Monday, July 30, 2007

Narrow bodies and narrow relationships

This morning I read the news of increasing canceled flights for Northwest Airlines. The CNN article impartially listed the arguments from the airline and from the pilots union, which each blaming the other side for the ongoing problems.

Amidst the crossfire, an amusing pearl from a Northwest spokesperson:
"Beginning Friday morning, we noticed a spike in certain narrow body absenteeism"

"Narrow body", in this context, is Northwest speak for pilots.

Not to pick on Northwest in particular, but using such impersonal terms to address otherwise real people seems a sign of of modern times. Maybe technical definitions eliminate ambiguity, or maybe they preclude pain-inducing human bonds during times of economical duress for the company.

No matter the explanation, there is something terribly wrong with the distance, for I am a strong believer that there should be mutual loyalty between employees and employers. Treating each other as a collection of parts is never a good start.

Sunday, July 15, 2007

A prescription for creating great products

Have you ever thought about what causes a company to create a bad product?

I could quote from dozens of sources that have extensively analyzed the work environment; ranging from immature technologies, lack of executive focus, passing through the rising cost of supporting pension plans, incompetent vendors, unmotivated work force, and on and on.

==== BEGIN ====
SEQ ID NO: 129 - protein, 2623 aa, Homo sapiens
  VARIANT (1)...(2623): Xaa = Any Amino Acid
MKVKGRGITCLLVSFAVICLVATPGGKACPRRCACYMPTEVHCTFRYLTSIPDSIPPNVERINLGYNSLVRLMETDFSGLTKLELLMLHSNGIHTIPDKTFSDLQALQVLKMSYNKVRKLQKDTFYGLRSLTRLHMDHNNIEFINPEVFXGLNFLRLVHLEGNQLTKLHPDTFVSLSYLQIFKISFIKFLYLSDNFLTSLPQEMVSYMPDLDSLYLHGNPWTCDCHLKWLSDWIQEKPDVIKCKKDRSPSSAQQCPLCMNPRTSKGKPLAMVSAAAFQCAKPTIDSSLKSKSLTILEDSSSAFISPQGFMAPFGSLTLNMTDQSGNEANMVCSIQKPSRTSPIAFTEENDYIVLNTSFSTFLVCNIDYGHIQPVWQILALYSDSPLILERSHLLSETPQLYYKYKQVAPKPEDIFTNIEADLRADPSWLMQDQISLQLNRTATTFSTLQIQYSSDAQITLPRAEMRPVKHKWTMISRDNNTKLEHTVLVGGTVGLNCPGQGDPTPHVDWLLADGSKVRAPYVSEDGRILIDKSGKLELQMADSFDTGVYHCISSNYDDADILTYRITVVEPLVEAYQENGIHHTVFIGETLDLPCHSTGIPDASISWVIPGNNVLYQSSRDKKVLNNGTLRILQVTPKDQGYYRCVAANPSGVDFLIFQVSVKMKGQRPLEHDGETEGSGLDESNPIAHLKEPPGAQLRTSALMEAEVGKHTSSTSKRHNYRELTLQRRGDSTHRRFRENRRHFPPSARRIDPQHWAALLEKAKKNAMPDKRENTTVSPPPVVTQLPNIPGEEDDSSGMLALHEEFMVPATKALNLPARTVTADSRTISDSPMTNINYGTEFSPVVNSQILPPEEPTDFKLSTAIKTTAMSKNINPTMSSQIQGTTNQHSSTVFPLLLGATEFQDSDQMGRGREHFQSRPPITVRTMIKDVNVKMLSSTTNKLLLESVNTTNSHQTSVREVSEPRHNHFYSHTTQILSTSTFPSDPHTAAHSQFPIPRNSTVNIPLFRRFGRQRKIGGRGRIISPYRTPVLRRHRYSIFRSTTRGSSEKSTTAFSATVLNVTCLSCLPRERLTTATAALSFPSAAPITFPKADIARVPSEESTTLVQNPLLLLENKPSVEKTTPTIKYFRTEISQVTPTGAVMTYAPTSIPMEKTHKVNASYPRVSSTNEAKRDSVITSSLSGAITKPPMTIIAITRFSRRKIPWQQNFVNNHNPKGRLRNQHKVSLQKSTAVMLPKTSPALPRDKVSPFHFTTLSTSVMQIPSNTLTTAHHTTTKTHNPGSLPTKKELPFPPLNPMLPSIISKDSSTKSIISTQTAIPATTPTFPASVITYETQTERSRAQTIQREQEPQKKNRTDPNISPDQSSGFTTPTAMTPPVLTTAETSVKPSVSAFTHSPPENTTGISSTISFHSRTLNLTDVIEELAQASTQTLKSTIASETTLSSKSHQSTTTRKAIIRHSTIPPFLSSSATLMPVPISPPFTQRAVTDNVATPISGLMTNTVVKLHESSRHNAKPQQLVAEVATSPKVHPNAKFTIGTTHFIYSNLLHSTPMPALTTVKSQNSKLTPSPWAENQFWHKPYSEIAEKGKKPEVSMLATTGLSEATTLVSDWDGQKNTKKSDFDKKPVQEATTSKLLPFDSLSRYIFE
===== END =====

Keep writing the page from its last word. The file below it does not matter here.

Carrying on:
Instead, I offer one thought that summarizes them all:
"People do not create bad products because they are incompetent;
they create bad products because they cannot tell the difference."



The quality transfusion

My best advice to any business trying to end a losing streak on the market is to expose each employee to a product recognized as the best in its segment. It should not be a competing product; while you are trying to copy their product, they will be busy building something better - not to mention the potential of copyright lawsuits.

During the next department meeting, place an iPod on the table and talk about it. If you are feeling venturous, skip the meeting, and take the people to a BMW dealership to inspect a 3 Series.

Tell them to take their time, turn the knobs, touch the material, operate it. Hint: Do not take your entire department to the BMW dealership if you really want a shot at a test-drive.

Letting them see and touch a product recognized for its excellence will infuse their senses with something new: the feeling experienced by a customer purchasing a great product.

Knowing the difference

The next time your team designs something that does not live up to that experience, they will know. And by knowing the difference, they will go back to the drawing board and will ask what is missing until they get it right.

It may take several trips between prototypes and sketches, but fear not, the losing streak will be over on the first one.

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